PRESIDENT, African Development Bank Group, Akinwumi Adesina, has pledged the Bank’s support for water recharging to the Lake Chad Basin.
Adesina pledged during his discussion with President Muhammadu Buhari at the ongoing COP26 in Glasgow, Scotland.
The AfDB head, via his verified Twitter account @akin_adesina, said,” I had a great discussion with H.E.President Buhari at the COP26 in Glasgow. I asked for his leadership to help with the recharging of water to the Lake Chad Basin. We will rally behind you. The cost of inaction is greater than the cost of action. Thank you, Mr. President.”
Recall, members of the Lake Chad Basin Commission (LCBC) have begun moves that will lead to the recharge of shrinking Lake Chad.
The shrinkage of Lake Chad has been one of the main factors responsible for insurgency and socio-economic unrests in the Lake Chad Basin Commission member countries, which include Cameroon, Chad, Niger, Nigeria, Algeria, the Central African Republic, Libya, and Sudan.
Significant sources of livelihood, including farming and fishing of about 40 million people living along the Chad Basin, are said to be affected.
Stakeholders within the member countries have identified inter-basin water transfer as the realistic solution confronting the receding Lake.
Recall, more than 100 world leaders have promised to end and reverse deforestation by 2030 in the COP26 climate summit’s first significant deal.
Notably, felling trees contribute to climate change because it depletes forests that absorb vast amounts of the warning gas VO2.
The United Kingdom Prime Minister Boris Johnson, hosting the global meeting in Glasgow, said more leaders than ever before-a total of 110-made made the landmark commitment.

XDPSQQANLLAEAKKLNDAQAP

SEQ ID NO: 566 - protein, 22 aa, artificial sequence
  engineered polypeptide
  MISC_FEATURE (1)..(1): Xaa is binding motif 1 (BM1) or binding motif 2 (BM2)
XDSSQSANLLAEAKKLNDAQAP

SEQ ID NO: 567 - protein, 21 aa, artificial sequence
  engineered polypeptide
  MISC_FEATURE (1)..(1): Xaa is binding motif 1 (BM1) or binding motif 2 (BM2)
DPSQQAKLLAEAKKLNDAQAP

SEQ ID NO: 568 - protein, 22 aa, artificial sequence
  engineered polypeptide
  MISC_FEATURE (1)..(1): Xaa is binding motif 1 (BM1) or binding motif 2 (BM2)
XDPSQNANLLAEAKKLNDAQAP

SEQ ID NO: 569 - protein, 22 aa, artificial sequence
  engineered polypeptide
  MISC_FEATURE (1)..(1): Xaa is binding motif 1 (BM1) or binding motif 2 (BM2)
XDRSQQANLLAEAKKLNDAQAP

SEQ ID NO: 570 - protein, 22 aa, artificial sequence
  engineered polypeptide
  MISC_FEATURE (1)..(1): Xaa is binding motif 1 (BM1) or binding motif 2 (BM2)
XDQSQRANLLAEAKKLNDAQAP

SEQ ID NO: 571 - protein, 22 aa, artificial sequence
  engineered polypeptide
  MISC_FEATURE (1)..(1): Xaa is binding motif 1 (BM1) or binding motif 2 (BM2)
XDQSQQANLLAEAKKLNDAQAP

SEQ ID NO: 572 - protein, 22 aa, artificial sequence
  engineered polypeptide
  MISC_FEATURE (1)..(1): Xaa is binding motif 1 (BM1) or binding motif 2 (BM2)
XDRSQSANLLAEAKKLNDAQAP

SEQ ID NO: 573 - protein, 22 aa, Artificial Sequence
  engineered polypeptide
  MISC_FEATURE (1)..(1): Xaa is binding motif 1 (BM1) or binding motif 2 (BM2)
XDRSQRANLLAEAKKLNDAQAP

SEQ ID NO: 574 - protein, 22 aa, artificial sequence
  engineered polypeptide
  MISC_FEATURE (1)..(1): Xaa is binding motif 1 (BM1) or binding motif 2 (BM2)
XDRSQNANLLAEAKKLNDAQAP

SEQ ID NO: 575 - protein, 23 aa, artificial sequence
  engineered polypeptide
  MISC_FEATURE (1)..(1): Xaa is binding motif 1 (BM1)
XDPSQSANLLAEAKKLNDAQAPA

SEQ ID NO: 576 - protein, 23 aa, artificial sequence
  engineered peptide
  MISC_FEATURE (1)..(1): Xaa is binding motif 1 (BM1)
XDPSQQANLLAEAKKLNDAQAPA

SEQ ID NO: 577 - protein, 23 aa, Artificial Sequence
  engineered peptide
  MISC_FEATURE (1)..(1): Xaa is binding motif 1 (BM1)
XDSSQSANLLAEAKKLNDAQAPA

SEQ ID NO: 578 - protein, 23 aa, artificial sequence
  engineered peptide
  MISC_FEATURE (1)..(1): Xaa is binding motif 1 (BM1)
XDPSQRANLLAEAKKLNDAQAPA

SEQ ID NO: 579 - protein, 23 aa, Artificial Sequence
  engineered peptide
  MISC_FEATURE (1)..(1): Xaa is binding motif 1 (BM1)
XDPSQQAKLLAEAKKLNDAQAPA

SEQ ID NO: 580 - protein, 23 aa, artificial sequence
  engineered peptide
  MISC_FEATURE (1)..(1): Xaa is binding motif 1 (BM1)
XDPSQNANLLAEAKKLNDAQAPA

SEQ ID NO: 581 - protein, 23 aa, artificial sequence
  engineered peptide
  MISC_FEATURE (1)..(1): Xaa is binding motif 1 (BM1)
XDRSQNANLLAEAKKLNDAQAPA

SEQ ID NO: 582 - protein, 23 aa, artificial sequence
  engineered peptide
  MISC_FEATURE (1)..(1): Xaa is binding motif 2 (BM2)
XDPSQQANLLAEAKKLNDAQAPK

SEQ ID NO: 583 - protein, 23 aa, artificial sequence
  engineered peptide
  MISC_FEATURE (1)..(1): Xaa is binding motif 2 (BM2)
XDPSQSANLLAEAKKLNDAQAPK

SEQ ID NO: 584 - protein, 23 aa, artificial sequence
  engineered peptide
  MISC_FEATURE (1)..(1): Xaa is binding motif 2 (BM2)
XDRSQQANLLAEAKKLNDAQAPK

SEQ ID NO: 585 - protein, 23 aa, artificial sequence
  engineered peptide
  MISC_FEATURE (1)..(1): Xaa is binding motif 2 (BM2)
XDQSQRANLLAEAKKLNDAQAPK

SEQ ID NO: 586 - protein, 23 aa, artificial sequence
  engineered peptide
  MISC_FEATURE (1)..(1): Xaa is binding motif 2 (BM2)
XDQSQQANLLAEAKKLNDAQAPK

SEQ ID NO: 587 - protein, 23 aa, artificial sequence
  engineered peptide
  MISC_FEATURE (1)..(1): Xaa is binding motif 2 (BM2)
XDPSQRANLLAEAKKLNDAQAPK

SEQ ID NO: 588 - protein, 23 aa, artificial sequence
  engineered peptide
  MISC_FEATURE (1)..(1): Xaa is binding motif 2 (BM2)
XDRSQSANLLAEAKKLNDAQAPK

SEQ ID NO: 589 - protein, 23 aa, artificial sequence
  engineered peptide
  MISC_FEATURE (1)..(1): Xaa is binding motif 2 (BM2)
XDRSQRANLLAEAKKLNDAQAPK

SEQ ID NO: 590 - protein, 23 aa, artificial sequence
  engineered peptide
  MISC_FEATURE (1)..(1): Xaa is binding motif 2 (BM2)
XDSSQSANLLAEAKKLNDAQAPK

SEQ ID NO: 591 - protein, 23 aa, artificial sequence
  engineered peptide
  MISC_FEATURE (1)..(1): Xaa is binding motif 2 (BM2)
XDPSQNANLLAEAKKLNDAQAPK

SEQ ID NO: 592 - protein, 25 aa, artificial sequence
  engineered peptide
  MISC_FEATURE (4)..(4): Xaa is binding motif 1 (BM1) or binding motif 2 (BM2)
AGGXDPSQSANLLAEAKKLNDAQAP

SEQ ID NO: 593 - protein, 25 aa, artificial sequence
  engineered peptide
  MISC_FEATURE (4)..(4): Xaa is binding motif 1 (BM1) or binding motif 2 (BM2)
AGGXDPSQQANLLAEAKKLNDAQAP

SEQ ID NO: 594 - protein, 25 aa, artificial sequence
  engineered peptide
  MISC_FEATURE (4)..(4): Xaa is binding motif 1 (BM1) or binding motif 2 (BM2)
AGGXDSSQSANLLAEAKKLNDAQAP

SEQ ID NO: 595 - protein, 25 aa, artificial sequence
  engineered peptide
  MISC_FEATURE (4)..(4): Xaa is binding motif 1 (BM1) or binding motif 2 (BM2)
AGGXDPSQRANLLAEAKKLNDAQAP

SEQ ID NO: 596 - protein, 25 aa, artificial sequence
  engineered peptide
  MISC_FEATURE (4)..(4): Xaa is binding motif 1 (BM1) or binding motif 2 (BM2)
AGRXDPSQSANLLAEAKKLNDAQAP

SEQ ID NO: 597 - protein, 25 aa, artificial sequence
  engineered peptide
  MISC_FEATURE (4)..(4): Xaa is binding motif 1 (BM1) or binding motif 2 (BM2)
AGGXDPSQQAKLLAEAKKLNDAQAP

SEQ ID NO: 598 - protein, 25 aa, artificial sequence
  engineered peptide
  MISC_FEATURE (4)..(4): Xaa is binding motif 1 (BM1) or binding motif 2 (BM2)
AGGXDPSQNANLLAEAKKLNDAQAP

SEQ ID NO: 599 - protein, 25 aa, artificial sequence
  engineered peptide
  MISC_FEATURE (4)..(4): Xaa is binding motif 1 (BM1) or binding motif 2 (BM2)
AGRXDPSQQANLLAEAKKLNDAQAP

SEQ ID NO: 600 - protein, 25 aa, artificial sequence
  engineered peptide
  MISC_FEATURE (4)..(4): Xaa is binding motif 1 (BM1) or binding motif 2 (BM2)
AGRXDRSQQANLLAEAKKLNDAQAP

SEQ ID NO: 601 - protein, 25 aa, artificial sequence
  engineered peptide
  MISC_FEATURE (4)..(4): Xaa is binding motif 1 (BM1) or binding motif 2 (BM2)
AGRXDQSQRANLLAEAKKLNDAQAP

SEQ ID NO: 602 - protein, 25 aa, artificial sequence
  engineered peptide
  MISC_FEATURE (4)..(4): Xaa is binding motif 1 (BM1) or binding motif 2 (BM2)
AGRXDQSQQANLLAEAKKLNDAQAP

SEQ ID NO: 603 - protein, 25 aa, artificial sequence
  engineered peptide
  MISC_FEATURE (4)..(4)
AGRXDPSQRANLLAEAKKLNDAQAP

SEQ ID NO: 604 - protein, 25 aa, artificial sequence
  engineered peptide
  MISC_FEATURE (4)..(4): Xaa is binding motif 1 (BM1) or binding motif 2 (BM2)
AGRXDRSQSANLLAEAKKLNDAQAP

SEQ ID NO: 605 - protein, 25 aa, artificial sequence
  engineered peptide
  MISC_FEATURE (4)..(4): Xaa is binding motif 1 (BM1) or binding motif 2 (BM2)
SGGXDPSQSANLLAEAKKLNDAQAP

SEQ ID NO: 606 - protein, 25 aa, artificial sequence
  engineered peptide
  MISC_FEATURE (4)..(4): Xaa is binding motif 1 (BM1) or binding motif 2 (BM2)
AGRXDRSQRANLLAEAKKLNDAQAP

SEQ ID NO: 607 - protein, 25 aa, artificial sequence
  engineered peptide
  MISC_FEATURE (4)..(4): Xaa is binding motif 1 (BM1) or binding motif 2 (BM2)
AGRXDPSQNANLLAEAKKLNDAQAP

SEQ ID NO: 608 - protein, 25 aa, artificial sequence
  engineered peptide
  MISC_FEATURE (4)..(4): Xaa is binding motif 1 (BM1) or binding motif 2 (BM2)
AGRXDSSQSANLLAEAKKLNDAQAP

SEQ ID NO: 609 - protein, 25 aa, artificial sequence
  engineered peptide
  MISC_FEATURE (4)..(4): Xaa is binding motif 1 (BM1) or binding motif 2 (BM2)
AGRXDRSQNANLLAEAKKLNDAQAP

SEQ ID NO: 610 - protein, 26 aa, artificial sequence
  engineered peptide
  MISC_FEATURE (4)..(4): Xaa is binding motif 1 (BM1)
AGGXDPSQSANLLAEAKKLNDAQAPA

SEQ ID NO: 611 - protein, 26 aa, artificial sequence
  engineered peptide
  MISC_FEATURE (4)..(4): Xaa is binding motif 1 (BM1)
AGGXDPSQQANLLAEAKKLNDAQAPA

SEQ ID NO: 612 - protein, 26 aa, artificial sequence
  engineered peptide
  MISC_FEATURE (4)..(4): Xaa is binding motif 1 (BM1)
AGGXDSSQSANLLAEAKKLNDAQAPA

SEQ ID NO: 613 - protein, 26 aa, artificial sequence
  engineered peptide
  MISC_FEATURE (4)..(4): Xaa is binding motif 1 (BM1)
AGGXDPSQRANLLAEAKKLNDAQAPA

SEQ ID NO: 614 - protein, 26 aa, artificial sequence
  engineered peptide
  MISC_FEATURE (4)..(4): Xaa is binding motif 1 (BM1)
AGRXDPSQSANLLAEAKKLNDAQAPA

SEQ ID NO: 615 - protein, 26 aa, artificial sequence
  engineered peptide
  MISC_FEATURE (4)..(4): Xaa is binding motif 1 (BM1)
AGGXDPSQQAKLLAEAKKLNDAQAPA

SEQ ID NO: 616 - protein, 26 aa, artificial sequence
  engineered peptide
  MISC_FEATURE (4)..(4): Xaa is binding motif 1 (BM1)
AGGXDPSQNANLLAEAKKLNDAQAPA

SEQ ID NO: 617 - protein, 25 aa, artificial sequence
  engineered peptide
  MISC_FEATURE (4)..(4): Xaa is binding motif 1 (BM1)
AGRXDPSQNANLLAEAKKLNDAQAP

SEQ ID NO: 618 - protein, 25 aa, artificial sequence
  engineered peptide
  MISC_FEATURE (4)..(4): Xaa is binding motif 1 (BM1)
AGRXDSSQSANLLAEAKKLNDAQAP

The two-week summit in Glasgow is seen as crucial if climate change is to be brought under control.
Some of the countries that have signed the pledge include Canada, Brazil, Russia, China, Indonesia, the Democratic Republic of the Congo, the US and UK-around 85 per cent of the world’s forests.
Dr Rose Mutiso, Kenyan – research director of Energy for Growth Hub, said the average African uses less electricity each year than one refrigerator consumes in the US or Europe.
“But this is going to grow, especially as temperatures rise – as Africans will have to have more energy to cool their homes and irrigate farms.
Dr Youba Sokona, Malian, vice-chair of the Intergovernmental Panel on Climate Change, in his remarks said, “Climate change academics at African institutions are often not consulted by policymakers or governments on the continent.
“Their research and potential solutions are shelved for too long and almost never enter into policy debates.”
This fragmented approach also affects government policies. Different ministries will often be pursuing other donor-conceived ideas – with no systematic senior political coordination.